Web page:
An example of favouring action in our nation over that of developing nations is the purchase of Green Power in Australia. Purchasing Green Power is essentially purchasing an offset (renewable energy equivalent to the amount you have purchased is put into the grid at a point in the future) at price of approximately $61 (ex GST)/t CO2 -e avoided. Businesses that are certified carbon neutral under The Carbon Reduction Institute’s NoCO2 program can purchase an offset in a wind energy project in China for $7.20 (ex GST)/t CO2 -e avoided5. A tonne of carbon is a tonne of carbon, and if the money Australians invested into Green Energy was invested into wind projects in China we could have avoided nearly 8.5 times the emissions, at no extra cost.

I am not alone in this thinking. The Australian Government’s Climate Change Authority6, the Australian Industry Group, the Business Council of Australia and the Minerals Council7 all support the use of international carbon credits to reach our domestic targets, seeing them as a cost effective way to achieve our emissions reduction targets and drive stronger climate action.

So, what should you look for in an offset? The NoCO2 program developed by The Carbon Reduction Institute (CRI) only recommends offsets in renewable energy and energy efficiency projects. This is because until we stop putting emissions into the atmosphere, we are not going to solve the climate crisis. It can be likened to a bath that is overflowing. The first thing you do is to turn off the tap, and then you pull out the plug. Furthermore, as an offset, planting trees poses an enormous financial risk, as, due to the changing climate, there is no guarantee that they will grow to maturity and provide the sequestration promised. In this instance, businesses making a carbon neutral claim utilising such credits would potentially need to repurchase offsets to meet their obligations under the Competition & Consumer Act (2010).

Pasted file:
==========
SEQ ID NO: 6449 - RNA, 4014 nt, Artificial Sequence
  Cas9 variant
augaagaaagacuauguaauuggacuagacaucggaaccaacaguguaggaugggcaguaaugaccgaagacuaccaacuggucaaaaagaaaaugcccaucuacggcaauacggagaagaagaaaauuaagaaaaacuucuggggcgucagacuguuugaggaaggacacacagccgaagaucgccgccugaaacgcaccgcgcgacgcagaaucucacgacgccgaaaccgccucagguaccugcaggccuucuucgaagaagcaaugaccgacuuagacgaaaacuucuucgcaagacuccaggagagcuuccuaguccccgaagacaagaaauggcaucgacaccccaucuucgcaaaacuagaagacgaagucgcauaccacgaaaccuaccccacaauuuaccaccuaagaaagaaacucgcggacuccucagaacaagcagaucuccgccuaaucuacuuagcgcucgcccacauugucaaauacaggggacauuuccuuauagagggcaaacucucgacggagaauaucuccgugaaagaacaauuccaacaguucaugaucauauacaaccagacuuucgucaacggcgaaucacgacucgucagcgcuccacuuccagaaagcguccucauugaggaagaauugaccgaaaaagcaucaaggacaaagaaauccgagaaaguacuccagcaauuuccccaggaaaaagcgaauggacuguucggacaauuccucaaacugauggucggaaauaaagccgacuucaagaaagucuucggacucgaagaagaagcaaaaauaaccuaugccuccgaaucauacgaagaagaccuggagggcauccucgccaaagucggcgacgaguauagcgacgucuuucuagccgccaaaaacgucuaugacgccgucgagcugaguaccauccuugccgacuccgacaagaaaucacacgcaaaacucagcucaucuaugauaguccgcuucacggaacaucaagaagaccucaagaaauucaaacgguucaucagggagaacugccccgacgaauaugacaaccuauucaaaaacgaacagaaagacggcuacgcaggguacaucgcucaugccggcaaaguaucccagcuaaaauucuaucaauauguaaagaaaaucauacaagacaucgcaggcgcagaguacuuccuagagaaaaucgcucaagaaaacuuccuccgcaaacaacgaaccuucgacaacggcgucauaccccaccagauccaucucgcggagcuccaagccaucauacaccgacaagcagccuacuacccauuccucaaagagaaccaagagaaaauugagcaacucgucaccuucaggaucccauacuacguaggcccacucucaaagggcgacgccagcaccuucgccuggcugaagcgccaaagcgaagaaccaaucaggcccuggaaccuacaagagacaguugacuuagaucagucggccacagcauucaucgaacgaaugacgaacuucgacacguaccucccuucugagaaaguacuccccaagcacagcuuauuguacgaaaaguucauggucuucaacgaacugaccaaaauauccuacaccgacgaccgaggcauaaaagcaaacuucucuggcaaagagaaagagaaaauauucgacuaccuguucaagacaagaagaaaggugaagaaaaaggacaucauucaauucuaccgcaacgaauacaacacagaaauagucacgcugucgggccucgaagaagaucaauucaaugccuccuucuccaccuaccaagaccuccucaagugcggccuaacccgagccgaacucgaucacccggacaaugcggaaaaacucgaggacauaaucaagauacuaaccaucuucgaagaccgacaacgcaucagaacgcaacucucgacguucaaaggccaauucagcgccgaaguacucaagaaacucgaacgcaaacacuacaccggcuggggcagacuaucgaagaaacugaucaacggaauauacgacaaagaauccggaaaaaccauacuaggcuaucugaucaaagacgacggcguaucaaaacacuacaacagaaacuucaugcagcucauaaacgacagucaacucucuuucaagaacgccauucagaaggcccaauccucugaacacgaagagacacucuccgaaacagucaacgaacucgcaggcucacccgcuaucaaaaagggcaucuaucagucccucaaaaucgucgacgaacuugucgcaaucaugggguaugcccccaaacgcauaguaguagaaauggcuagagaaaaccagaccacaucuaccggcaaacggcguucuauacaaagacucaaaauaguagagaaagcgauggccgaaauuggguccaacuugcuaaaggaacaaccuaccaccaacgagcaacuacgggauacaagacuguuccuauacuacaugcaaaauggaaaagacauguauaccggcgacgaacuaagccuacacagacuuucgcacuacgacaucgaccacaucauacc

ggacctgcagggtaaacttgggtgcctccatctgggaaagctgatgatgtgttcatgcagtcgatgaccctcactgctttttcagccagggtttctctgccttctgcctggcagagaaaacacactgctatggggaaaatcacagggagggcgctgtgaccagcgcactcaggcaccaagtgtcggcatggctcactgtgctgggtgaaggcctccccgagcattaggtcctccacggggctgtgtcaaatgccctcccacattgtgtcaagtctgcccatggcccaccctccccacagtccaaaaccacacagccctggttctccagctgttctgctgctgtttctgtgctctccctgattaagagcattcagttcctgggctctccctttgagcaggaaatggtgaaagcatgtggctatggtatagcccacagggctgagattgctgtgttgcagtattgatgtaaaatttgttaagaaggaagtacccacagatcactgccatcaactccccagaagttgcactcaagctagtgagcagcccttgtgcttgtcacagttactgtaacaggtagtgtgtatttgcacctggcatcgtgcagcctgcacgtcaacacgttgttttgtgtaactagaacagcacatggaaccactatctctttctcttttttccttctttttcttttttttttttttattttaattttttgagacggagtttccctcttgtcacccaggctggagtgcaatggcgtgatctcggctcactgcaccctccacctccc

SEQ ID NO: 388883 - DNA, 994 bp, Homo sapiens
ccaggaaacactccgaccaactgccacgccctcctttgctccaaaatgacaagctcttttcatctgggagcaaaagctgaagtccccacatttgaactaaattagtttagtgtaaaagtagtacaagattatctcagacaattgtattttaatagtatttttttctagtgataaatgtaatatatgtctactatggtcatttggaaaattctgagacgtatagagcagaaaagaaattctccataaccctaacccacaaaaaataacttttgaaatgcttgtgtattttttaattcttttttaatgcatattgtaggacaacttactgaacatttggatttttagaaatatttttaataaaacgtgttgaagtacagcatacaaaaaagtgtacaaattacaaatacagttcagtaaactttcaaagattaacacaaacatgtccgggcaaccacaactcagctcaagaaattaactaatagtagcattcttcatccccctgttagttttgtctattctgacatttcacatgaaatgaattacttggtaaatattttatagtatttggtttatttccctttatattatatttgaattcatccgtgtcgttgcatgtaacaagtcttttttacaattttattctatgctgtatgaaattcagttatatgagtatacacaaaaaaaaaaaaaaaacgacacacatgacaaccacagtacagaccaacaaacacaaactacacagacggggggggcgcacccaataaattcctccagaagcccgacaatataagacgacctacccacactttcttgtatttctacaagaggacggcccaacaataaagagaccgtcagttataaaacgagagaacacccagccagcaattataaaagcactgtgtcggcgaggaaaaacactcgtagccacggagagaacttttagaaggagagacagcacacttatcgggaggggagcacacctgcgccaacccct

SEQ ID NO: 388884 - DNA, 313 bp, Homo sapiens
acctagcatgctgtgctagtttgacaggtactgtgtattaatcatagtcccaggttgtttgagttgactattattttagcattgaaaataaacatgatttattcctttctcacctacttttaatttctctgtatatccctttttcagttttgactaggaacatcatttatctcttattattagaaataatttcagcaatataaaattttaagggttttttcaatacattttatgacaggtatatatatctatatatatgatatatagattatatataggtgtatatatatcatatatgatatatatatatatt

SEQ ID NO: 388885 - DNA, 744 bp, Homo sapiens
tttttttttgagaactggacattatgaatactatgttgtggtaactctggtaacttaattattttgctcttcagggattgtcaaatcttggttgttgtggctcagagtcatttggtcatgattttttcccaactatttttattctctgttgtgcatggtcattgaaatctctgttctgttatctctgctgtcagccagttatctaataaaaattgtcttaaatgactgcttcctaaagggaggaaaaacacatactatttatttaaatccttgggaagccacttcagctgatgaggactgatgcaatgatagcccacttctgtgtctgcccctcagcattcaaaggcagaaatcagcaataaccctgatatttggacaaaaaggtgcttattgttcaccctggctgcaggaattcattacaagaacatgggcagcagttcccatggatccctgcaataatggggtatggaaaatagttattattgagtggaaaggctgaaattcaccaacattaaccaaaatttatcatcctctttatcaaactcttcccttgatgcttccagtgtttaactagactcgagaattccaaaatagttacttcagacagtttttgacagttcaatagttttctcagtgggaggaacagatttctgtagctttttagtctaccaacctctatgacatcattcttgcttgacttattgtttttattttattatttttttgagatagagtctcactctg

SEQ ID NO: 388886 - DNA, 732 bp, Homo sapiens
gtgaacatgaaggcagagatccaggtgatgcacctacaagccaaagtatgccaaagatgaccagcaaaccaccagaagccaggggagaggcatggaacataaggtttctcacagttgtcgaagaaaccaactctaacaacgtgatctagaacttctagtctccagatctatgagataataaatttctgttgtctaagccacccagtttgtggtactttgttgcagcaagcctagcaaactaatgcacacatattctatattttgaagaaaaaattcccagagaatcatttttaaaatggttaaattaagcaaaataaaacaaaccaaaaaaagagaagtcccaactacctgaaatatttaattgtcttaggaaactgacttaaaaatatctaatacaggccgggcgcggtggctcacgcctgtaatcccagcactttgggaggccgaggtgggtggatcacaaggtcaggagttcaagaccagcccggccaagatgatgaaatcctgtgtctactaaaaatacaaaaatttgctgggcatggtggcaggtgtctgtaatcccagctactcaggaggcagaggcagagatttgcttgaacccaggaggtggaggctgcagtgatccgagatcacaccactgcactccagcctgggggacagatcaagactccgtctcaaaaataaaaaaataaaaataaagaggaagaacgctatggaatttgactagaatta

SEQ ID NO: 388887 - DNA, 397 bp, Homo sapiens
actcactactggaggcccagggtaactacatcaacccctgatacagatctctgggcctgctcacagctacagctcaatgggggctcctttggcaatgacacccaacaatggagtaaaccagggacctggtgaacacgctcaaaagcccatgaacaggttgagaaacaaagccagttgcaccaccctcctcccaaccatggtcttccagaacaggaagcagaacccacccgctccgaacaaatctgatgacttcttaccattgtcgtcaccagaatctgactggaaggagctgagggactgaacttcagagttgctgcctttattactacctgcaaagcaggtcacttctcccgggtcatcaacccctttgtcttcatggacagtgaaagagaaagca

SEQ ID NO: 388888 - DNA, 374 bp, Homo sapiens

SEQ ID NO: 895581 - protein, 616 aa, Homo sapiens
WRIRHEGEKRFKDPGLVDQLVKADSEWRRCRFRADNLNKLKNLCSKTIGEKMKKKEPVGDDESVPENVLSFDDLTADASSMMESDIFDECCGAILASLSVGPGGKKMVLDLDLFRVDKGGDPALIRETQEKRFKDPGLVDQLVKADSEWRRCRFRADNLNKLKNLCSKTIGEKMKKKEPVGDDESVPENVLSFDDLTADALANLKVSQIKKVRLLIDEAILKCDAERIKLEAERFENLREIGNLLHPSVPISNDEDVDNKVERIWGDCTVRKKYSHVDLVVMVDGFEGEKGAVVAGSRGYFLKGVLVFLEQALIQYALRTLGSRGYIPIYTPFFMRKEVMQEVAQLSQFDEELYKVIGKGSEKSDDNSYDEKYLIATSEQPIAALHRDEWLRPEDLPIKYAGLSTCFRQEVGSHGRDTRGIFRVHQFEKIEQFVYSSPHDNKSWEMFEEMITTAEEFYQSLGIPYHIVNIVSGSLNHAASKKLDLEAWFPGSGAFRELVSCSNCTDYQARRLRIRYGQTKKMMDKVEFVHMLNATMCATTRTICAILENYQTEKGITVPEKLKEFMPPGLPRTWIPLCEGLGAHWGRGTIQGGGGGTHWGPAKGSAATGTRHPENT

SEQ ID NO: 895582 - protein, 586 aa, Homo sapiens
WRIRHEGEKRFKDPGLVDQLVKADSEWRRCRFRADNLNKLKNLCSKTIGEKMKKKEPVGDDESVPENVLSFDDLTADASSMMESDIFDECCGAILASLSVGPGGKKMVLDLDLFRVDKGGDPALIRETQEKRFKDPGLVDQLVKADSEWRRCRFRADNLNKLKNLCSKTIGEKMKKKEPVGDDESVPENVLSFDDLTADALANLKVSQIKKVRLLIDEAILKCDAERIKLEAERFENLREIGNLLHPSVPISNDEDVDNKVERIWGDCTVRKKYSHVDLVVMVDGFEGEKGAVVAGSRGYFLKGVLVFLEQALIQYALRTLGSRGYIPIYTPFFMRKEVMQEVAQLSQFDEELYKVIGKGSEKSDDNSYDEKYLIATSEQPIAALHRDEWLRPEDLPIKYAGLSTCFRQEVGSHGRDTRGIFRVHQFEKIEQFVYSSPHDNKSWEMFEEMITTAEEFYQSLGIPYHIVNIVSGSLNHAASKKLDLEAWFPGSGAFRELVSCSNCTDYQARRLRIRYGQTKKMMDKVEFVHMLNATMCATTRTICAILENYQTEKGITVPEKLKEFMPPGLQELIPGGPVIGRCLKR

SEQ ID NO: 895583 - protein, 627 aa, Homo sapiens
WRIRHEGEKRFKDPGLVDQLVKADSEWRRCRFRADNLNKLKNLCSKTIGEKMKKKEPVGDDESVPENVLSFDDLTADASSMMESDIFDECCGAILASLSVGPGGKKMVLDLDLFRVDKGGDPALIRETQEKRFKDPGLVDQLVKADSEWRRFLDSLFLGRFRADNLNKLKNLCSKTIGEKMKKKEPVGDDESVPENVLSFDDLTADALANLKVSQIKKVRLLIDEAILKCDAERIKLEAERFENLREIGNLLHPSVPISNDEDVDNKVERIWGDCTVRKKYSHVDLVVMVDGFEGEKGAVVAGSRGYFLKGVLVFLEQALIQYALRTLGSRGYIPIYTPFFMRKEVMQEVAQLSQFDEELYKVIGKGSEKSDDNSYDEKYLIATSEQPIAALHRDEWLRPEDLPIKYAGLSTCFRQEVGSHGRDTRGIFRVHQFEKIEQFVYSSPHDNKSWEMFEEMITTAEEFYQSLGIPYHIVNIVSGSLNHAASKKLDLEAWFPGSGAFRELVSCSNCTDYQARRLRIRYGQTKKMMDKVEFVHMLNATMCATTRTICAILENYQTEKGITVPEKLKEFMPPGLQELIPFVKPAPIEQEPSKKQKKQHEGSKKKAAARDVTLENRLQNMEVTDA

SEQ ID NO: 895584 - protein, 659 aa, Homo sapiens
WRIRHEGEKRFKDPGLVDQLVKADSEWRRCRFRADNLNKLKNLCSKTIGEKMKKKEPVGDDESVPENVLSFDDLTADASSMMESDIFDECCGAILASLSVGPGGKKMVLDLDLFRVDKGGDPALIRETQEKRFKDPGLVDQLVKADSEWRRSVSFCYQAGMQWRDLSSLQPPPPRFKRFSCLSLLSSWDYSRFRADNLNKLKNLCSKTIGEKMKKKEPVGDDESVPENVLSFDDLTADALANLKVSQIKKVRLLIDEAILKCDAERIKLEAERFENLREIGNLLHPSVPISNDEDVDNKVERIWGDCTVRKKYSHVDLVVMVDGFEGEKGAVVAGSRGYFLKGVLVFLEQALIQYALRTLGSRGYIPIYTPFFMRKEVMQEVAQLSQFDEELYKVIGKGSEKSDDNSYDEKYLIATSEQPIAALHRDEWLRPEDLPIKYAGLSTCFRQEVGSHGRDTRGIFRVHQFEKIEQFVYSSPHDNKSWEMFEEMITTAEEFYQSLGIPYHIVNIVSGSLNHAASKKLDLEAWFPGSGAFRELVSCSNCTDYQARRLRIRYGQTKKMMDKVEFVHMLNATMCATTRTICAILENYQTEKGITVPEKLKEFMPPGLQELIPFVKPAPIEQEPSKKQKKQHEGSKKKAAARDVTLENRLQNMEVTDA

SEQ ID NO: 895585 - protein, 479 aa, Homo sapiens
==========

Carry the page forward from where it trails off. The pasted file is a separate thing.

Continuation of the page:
In addition to offsets being in renewable energy or energy efficiency, the NoCO2 program also requires offsets to be financially and environmentally additional (would not otherwise happen without the offset funding, or due to legislation or targets that are in place), be permanent, not create leakage (avoid emissions in one area, only for them to occur in another area) and to be validated and verified. You can see there is a lot of rigour that goes into choosing suitable offset projects.

Organisations, events, buildings, and products can be certified as:

  • NoCO2 (carbon neutral)
  • LowCO2 (offset a percentage of the carbon footprint, working towards 100%)

CRI also works with clients to fully offset their historical carbon footprint or become climate positive by offsetting an amount in excess of 100% of their annual baseline carbon footprint. In addition, Individuals can offset their travel, flight, car hire and car usage emissions.

There is an urgent need for action on climate change and fortunately we have a means by which we can take immediate action to address this crisis. The Carbon Reduction Institute’s NoCO2 Certification means that we can reach net-zero now and play our part in avoiding catastrophic warming of the planet. Contact the team at The Carbon Reduction Institute to learn more about how your organisation can be carbon neutral today.

Written by Erin Remblance,
Assistant Programs Advisor at the Carbon Reduction Institute